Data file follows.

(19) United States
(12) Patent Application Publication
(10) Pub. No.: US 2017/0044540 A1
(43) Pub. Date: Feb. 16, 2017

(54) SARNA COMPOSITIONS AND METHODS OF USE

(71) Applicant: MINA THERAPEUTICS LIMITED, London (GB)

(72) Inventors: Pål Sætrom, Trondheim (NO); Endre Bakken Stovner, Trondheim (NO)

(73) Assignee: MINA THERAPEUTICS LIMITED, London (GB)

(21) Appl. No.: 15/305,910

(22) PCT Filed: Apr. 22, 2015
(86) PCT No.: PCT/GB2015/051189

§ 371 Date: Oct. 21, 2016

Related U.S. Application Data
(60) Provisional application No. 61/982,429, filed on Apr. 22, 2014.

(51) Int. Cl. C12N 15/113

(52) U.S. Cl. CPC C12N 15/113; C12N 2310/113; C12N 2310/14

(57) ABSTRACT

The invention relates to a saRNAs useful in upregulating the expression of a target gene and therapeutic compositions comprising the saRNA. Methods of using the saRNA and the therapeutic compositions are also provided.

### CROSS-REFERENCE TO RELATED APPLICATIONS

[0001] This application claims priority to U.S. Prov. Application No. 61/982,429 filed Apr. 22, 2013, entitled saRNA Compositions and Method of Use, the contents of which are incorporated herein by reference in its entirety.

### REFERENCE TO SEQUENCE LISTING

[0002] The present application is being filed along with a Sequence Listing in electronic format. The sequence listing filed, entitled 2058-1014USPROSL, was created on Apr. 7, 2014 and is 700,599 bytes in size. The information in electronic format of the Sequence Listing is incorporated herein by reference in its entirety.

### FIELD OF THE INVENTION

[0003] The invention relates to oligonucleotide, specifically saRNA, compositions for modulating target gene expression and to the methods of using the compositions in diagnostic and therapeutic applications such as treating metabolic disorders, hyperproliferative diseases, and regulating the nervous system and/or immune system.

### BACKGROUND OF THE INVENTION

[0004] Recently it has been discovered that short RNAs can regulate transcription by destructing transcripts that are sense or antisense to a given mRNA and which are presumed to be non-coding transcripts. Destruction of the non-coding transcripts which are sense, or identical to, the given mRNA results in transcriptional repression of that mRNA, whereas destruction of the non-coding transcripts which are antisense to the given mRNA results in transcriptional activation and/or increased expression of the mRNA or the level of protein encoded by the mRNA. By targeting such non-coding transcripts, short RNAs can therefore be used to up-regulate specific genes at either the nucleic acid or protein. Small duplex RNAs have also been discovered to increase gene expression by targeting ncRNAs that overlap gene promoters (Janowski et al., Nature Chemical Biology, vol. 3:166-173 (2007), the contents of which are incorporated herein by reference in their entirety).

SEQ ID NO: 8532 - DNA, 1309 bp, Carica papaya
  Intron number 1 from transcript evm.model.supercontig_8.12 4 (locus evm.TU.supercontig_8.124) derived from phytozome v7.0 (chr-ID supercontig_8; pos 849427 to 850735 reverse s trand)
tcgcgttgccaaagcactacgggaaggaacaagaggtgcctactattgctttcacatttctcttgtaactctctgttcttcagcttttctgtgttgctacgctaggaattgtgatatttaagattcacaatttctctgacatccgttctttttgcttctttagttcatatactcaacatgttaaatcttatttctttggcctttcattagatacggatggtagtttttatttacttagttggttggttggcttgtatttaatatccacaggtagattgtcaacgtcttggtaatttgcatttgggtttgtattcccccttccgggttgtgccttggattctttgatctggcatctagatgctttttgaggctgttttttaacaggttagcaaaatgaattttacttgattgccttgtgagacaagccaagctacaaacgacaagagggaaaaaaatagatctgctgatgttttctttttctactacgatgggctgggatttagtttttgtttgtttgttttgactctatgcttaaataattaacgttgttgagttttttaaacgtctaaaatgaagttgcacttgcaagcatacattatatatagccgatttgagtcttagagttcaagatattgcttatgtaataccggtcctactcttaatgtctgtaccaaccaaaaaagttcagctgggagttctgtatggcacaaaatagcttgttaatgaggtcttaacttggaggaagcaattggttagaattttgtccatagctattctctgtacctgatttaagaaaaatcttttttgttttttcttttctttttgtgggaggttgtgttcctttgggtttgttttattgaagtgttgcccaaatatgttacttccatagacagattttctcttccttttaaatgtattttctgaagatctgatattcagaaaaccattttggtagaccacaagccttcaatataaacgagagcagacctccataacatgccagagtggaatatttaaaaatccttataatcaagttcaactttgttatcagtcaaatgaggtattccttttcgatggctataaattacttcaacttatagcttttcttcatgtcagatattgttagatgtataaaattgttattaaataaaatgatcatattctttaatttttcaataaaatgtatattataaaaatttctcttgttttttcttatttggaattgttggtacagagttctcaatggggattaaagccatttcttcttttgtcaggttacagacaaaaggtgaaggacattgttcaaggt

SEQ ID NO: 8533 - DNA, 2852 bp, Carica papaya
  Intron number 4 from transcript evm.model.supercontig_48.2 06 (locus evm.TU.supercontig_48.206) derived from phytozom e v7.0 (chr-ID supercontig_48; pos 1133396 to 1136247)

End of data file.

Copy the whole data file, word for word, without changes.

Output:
(19) United States
(12) Patent Application Publication
(10) Pub. No.: US 2017/0044540 A1
(43) Pub. Date: Feb. 16, 2017

(54) SARNA COMPOSITIONS AND METHODS OF USE

(71) Applicant: MINA THERAPEUTICS LIMITED, London (GB)

(72) Inventors: Pål Sætrom, Trondheim (NO); Endre Bakken Stovner, Trondheim (NO)

(73) Assignee: MINA THERAPEUTICS LIMITED, London (GB)

(21) Appl. No.: 15/305,910

(22) PCT Filed: Apr. 22, 2015
(86) PCT No.: PCT/GB2015/051189

§ 371 Date: Oct. 21, 2016

Related U.S. Application Data
(60) Provisional application No. 61/982,429, filed on Apr. 22, 2014.

(51) Int. Cl. C12N 15/113

(52) U.S. Cl. CPC C12N 15/113; C12N 2310/113; C12N 2310/14

(57) ABSTRACT

The invention relates to a saRNAs useful in upregulating the expression of a target gene and therapeutic compositions comprising the saRNA. Methods of using the saRNA and the therapeutic compositions are also provided.

### CROSS-REFERENCE TO RELATED APPLICATIONS

[0001] This application claims priority to U.S. Prov. Application No. 61/982,429 filed Apr. 22, 2013, entitled saRNA Compositions and Method of Use, the contents of which are incorporated herein by reference in its entirety.

### REFERENCE TO SEQUENCE LISTING

[0002] The present application is being filed along with a Sequence Listing in electronic format. The sequence listing filed, entitled 2058-1014USPROSL, was created on Apr. 7, 2014 and is 700,599 bytes in size. The information in electronic format of the Sequence Listing is incorporated herein by reference in its entirety.

### FIELD OF THE INVENTION

[0003] The invention relates to oligonucleotide, specifically saRNA, compositions for modulating target gene expression and to the methods of using the compositions in diagnostic and therapeutic applications such as treating metabolic disorders, hyperproliferative diseases, and regulating the nervous system and/or immune system.

### BACKGROUND OF THE INVENTION

[0004] Recently it has been discovered that short RNAs can regulate transcription by destructing transcripts that are sense or antisense to a given mRNA and which are presumed to be non-coding transcripts. Destruction of the non-coding transcripts which are sense, or identical to, the given mRNA results in transcriptional repression of that mRNA, whereas destruction of the non-coding transcripts which are antisense to the given mRNA results in transcriptional activation and/or increased expression of the mRNA or the level of protein encoded by the mRNA. By targeting such non-coding transcripts, short RNAs can therefore be used to up-regulate specific genes at either the nucleic acid or protein. Small duplex RNAs have also been discovered to increase gene expression by targeting ncRNAs that overlap gene promoters (Janowski et al., Nature Chemical Biology, vol. 3:166-173 (2007), the contents of which are incorporated herein by reference in their entirety).

SEQ ID NO: 8532 - DNA, 1309 bp, Carica papaya
  Intron number 1 from transcript evm.model.supercontig_8.12 4 (locus evm.TU.supercontig_8.124) derived from phytozome v7.0 (chr-ID supercontig_8; pos 849427 to 850735 reverse s trand)
tcgcgttgccaaagcactacgggaaggaacaagaggtgcctactattgctttcacatttctcttgtaactctctgttcttcagcttttctgtgttgctacgctaggaattgtgatatttaagattcacaatttctctgacatccgttctttttgcttctttagttcatatactcaacatgttaaatcttatttctttggcctttcattagatacggatggtagtttttatttacttagttggttggttggcttgtatttaatatccacaggtagattgtcaacgtcttggtaatttgcatttgggtttgtattcccccttccgggttgtgccttggattctttgatctggcatctagatgctttttgaggctgttttttaacaggttagcaaaatgaattttacttgattgccttgtgagacaagccaagctacaaacgacaagagggaaaaaaatagatctgctgatgttttctttttctactacgatgggctgggatttagtttttgtttgtttgttttgactctatgcttaaataattaacgttgttgagttttttaaacgtctaaaatgaagttgcacttgcaagcatacattatatatagccgatttgagtcttagagttcaagatattgcttatgtaataccggtcctactcttaatgtctgtaccaaccaaaaaagttcagctgggagttctgtatggcacaaaatagcttgttaatgaggtcttaacttggaggaagcaattggttagaattttgtccatagctattctctgtacctgatttaagaaaaatcttttttgttttttcttttctttttgtgggaggttgtgttcctttgggtttgttttattgaagtgttgcccaaatatgttacttccatagacagattttctcttccttttaaatgtattttctgaagatctgatattcagaaaaccattttggtagaccacaagccttcaatataaacgagagcagacctccataacatgccagagtggaatatttaaaaatccttataatcaagttcaactttgttatcagtcaaatgaggtattccttttcgatggctataaattacttcaacttatagcttttcttcatgtcagatattgttagatgtataaaattgttattaaataaaatgatcatattctttaatttttcaataaaatgtatattataaaaatttctcttgttttttcttatttggaattgttggtacagagttctcaatggggattaaagccatttcttcttttgtcaggttacagacaaaaggtgaaggacattgttcaaggt

SEQ ID NO: 8533 - DNA, 2852 bp, Carica papaya
  Intron number 4 from transcript evm.model.supercontig_48.2 06 (locus evm.TU.supercontig_48.206) derived from phytozom e v7.0 (chr-ID supercontig_48; pos 1133396 to 1136247)